The power station consists of four turbines that can generate up to (4 x 73 MW) 292MW when operating at total capacity.
ESB generating stations are used to pump water from the lower natural lake to the upper man-made lake where it is stored then during peak load when generating costs are high.
In this way, Turlough Hill can take over generation from more expensive plants and provide fast and flexible reserves for an expected demand on the system.
At full load with the upper lake full, the station can generate 292 megawatts for four and a half hours. At night the upper lake is refilled taking six hours to filter capacity if it has been emptied.
It can still provide a reserve for the system by shedding one or more pumps, each giving 68 megawatts of power back to the system or in extreme circumstances.
It can switch to generator mode in just over 2 minutes. There is usually at least one set not pumping and ready to start generating within 15 seconds.
A large access tunnel was constructed to service the cavern which houses the generating hall situated over 300 metres below the top of the hill. From there work began on the tunnel to house, the enormous pipe is known as the pressure shaft, at the same time the crew at the top of the hill began to excavate down.
The total tunnelling for the pressure shaft was over 600 meters in length. The five meter diameter pressure shaft was lowered into place on rails in 10 meter sections. Delicate welding of the sections were checked ultrasonically to ensure that the shaft would withstand the force of five thousand tons of water a minute, driving the turbines 300 metres below. When the construction element of the project was completed a sealing layer of asphalt was applied covering the 40 acre surface of the lake bottom.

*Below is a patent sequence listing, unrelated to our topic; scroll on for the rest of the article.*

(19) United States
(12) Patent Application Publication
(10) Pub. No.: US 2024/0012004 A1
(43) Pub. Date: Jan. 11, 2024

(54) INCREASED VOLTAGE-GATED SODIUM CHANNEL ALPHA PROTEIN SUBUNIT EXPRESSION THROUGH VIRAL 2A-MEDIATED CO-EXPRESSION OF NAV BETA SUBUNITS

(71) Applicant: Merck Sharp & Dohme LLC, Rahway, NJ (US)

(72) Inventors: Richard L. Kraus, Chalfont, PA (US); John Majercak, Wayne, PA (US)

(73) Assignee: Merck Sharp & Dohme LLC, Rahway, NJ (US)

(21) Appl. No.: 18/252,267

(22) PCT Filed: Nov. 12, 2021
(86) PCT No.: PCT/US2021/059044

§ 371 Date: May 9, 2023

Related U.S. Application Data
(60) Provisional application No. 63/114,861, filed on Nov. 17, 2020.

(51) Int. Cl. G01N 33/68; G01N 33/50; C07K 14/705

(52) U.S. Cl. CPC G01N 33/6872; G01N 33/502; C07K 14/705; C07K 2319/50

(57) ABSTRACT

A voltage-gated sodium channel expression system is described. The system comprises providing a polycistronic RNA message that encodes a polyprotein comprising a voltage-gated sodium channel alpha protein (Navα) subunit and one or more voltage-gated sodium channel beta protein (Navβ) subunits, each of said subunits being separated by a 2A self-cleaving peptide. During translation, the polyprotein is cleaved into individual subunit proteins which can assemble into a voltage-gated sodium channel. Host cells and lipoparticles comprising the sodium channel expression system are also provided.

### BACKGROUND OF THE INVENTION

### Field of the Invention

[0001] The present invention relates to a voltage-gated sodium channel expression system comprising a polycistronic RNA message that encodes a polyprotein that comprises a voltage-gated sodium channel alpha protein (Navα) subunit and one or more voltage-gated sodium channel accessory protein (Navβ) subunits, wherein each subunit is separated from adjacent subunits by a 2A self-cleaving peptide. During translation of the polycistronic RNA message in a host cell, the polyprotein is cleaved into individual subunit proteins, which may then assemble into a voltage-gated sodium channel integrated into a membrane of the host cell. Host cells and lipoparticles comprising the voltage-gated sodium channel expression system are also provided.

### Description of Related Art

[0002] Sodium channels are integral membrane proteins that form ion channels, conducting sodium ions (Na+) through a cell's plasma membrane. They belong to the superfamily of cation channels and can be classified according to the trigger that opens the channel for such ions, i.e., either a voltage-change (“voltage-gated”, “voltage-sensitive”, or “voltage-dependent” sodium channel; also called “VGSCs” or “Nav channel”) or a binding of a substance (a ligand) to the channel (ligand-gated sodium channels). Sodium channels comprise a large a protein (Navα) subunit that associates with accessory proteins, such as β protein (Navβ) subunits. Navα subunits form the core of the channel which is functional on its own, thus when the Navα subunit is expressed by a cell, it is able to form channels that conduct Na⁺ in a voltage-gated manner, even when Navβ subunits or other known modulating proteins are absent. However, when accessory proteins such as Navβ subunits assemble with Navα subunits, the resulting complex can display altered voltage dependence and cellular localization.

A road leading to the lakes bed was built for maintenance purposes. The mechanism which controls the flow of water in and out of the Upper Lake, is housed in a tower which becomes an island when there Is water in the lake. So, a tubular steel bridge mounted on rubber cushions was installed for access.
The tower contains a servo motor which lifts and lowers a cylindrical gate. In an emergency situation this will operate automatically even at maximum flow.
Special access tunnels were constructed below the lake to monitor any seepage from the 2.3 million cubic meters of water above. These have been fitted with automatic sensors to detect any unusual activity.
In addition, movement detectors were built into the embankment to give early warning of any settlement. To date the technical performance of the upper lake has been excellent. Once the construction was complete, the heavy plant was installed in the cavern.
This is situated 15 metres below the low water level of the lower lake. This was necessary to provide priming pump pressure for the machines when in pump mode. However this also necessitates special precautions to avoid any risk of flooding the cavern. The ventilation tunnel at a high level provides an emergency escape road. In addition the station has its own emergency power generators.